There’s still time to nominate local icons for Best of D.C.
Technologically, the music business is in flux, with CDs at risk of being supplanted by such amorphous, ephemeral formats as MP3, WMA, and Ogg Vorbis. There’s one form of musical hard copy, however, that seems to be secure: the hand-printed, limited-edition concert poster.
In February, P Street’s Transformer Gallery presented a show of such posters, including some made by D.C.’s Planaria Design. But for an even larger assortment of music placards, check out www.gigposters.com. Included among the site’s thousands of images are about a dozen by a fledgling Arlington firm, Voltage Design Lab, and its two principals, Darren Kipp and Matt Thomas.
“We met in a screen-printing class, and we were kind of doing the same thing,” says Kipp, 37. “Making posters for events that were coming up or we had seen recently. We just had a mutual admiration for each other’s work. We went to a couple shows at Iota and the 9:30 Club together and decided to start this up.”
Unlike such rock-poster booms as San Francisco’s psychedelic era or London’s punk outbreak, today’s trend imposes no overarching style. “It can be based on having seen a concert before and a general feel from that,” Kipp says of Voltage’s approach. “Maybe pull out a word or a line or a thought from any of their songs. Or just a general feel for the whole sound of the band.”
Kipp, a bartender and manager at an Alexandria pub, and Thomas, 25, who works for a D.C. graphic-design company, hope that Voltage will someday be a full-time operation. Most of the posters they’ve designed and silk-screened so far, however, were not commissioned by the performers.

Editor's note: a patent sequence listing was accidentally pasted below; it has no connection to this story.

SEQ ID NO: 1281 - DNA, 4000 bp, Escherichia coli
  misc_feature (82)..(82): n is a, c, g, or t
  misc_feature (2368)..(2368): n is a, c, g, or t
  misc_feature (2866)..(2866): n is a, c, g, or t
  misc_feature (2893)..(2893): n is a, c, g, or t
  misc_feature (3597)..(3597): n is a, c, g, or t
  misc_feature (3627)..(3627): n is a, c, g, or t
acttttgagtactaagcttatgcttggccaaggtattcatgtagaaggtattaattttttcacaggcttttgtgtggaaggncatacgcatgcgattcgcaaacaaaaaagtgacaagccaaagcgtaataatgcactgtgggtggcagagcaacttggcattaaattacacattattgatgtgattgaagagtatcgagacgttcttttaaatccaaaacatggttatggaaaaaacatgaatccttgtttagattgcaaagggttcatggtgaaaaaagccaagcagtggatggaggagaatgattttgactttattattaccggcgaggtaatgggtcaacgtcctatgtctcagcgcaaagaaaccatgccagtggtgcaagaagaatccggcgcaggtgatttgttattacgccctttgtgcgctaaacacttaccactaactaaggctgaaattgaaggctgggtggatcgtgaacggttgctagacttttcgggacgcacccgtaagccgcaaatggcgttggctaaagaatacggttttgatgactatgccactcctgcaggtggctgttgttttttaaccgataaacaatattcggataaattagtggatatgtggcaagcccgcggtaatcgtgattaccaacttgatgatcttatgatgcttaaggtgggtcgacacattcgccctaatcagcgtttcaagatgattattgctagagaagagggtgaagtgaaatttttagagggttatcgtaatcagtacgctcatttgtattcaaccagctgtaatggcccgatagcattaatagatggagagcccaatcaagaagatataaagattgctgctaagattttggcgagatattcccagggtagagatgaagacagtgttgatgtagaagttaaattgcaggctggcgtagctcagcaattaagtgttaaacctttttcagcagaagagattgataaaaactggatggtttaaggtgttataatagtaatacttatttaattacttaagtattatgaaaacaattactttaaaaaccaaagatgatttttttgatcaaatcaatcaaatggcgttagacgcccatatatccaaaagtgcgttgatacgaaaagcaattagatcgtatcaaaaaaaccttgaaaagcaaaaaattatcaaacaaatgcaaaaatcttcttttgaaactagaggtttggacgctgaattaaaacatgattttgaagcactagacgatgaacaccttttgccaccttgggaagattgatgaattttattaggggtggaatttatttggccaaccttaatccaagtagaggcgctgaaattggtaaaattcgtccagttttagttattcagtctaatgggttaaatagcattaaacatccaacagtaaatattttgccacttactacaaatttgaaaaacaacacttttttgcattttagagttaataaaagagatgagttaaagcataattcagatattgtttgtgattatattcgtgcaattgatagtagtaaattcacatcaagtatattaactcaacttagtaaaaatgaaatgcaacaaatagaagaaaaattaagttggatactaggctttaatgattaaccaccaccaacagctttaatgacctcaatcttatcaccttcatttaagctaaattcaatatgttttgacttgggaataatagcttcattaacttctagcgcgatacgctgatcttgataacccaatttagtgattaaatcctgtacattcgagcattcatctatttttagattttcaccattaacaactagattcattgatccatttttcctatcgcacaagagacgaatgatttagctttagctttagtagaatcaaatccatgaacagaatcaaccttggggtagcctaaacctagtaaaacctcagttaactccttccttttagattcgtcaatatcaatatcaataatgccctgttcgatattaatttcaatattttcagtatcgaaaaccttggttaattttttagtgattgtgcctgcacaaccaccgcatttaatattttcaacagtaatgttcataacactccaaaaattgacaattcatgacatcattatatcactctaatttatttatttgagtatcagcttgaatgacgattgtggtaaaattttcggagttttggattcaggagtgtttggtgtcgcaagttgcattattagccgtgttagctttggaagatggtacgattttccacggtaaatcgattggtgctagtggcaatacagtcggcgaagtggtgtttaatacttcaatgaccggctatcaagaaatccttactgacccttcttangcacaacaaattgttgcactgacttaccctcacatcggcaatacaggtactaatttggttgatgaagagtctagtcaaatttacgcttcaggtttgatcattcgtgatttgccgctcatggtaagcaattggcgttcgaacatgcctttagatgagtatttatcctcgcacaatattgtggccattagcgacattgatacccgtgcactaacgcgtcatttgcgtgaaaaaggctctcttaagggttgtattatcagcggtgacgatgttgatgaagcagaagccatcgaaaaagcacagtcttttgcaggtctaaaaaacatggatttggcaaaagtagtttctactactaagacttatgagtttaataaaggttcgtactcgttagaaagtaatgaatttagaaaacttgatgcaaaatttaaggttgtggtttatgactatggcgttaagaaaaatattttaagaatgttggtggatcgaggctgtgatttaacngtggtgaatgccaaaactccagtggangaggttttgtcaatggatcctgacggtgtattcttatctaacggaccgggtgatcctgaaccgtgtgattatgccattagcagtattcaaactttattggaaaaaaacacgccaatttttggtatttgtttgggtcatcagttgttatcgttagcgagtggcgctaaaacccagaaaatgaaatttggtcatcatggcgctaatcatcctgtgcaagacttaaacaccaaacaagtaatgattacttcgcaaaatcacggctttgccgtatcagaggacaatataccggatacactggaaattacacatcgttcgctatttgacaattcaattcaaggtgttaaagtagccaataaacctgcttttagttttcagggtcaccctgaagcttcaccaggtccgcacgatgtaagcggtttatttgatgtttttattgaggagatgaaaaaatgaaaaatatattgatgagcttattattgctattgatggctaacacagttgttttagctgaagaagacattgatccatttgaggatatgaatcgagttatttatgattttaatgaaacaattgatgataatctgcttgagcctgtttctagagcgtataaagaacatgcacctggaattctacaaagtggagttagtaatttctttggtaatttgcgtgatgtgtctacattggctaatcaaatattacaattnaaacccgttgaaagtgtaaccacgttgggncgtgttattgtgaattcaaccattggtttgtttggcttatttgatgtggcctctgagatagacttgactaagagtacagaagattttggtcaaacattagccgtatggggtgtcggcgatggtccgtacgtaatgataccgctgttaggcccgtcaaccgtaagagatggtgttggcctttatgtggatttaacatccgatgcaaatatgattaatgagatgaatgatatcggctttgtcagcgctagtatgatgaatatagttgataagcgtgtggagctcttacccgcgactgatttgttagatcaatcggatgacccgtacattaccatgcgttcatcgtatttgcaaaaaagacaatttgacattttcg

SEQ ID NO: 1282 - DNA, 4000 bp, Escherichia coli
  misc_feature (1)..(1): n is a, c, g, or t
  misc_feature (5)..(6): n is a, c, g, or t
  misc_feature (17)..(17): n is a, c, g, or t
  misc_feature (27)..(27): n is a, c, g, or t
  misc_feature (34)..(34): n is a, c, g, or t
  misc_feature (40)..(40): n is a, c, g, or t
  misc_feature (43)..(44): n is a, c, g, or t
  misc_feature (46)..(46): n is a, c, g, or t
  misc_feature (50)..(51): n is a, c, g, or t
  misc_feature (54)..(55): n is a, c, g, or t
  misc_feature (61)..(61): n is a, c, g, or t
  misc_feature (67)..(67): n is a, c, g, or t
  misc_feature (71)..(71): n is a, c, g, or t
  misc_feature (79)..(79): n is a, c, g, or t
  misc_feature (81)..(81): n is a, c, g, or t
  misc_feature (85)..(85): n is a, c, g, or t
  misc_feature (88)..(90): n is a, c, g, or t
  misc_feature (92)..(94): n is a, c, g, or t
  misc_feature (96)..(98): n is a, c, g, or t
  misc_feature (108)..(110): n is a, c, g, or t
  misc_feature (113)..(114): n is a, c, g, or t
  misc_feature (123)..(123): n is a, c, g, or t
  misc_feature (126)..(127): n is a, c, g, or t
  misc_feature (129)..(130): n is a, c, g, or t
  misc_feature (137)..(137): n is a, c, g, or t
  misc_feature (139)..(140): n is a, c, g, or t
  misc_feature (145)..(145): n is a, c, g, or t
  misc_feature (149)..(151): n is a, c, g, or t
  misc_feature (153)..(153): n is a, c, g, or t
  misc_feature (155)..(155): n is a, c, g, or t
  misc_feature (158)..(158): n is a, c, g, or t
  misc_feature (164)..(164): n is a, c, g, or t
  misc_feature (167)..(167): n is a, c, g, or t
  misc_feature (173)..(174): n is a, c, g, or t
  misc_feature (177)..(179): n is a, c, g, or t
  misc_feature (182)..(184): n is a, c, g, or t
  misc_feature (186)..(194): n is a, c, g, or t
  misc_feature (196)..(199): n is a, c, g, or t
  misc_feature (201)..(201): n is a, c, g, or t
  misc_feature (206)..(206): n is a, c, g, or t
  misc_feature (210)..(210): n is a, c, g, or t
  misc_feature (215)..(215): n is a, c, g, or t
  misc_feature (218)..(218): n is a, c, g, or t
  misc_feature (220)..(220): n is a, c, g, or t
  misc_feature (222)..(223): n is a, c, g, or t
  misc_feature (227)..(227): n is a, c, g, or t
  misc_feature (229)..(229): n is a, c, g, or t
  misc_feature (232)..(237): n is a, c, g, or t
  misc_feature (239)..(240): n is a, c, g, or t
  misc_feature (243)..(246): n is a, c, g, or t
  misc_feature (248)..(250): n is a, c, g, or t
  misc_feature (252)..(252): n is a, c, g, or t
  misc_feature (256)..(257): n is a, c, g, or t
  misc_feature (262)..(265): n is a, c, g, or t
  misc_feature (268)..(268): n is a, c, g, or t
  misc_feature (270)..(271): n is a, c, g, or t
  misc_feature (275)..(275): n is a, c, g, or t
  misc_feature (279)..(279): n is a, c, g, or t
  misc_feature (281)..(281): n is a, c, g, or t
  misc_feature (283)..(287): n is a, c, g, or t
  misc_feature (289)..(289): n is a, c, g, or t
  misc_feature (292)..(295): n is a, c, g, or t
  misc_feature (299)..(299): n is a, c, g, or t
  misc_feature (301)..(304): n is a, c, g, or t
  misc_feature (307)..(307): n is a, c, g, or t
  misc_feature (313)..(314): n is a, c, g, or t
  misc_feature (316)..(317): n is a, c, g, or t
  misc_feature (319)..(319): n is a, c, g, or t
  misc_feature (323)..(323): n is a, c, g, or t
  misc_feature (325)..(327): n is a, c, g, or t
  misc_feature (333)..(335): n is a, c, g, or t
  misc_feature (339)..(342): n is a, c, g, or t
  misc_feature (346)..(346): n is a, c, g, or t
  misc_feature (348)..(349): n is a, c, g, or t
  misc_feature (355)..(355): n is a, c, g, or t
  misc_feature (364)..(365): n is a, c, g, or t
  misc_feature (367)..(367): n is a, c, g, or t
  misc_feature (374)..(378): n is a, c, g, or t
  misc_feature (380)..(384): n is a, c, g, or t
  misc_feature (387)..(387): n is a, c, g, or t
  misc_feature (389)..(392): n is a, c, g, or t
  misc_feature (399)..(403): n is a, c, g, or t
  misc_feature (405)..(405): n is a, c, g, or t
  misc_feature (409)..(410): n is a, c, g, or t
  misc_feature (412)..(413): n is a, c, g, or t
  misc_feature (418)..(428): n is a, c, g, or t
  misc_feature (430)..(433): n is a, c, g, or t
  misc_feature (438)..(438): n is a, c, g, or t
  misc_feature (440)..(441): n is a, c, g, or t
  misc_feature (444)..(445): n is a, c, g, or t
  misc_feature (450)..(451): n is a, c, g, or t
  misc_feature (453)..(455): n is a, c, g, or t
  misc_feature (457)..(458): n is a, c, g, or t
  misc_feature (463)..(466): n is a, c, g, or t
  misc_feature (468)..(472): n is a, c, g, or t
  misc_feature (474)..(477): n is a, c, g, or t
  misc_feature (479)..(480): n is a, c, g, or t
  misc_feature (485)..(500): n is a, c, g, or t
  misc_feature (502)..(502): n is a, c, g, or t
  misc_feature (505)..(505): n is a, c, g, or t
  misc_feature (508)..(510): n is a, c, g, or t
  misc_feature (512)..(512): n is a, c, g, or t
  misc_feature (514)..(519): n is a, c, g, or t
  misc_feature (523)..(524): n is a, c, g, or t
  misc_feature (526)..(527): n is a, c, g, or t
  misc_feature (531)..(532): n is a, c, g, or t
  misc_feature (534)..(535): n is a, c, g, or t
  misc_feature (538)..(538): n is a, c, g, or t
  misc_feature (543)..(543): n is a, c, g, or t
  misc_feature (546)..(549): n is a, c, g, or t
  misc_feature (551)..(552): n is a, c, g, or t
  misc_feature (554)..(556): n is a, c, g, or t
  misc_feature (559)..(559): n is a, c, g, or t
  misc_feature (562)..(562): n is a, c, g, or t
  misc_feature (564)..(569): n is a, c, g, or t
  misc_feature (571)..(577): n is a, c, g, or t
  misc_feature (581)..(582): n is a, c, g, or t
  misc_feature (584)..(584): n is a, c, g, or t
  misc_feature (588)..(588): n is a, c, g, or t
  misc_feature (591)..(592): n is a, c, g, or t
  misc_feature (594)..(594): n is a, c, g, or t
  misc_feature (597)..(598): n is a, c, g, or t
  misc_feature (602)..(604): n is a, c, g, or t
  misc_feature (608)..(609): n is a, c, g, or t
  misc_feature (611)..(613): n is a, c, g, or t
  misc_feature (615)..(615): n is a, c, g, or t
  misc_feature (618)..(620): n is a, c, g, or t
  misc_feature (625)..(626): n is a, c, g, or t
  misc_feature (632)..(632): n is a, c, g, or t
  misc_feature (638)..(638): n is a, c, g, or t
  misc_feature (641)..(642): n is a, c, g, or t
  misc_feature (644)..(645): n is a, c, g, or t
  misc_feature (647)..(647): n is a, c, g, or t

“For a while, we were just making them unsolicited, to take to the bands,” Kipp says. “Kind of, ‘The first one’s for free, and if you like what we do, we’d love to do more for you.’
“At a show in Philadelphia for a band called the Gourds, I took some up there and just wanted to get some signed and get my name out there. Some other people saw me with the posters and I just sold them there and gave half the money to the band—with their permission.”
Kipp made a connection with one group, Wilco, through another of his artistic endeavors, metal sculpture. He designed a mirror piece as a gift for the band’s drummer, Glenn Kotche, which led to the percussionist’s asking him “to make a piece that he could play as a percussion instrument.” Later, Kotche also commissioned a poster design for his side project, On Fillmore. Other acts that have enlisted Voltage to make posters include the local Assrockers and Austin, Texas, folkie Richard Buckner.
Currently, Kipp says, he’s taking a break from metalwork in favor of printing. “There was a little less metal dust to breathe,” he says. He and Thomas work in the basement of the latter’s house, printing up to 100 copies per design. It’s “all water-based inks, so it’s not like we’re trapping ourselves in a room with a bunch of fumes.”
For now, Voltage is concentrating on posters, but if the CD format survives, Kipp wouldn’t mind designing some covers, too. “That’s the next goal,” he says. “We’d love to do that.”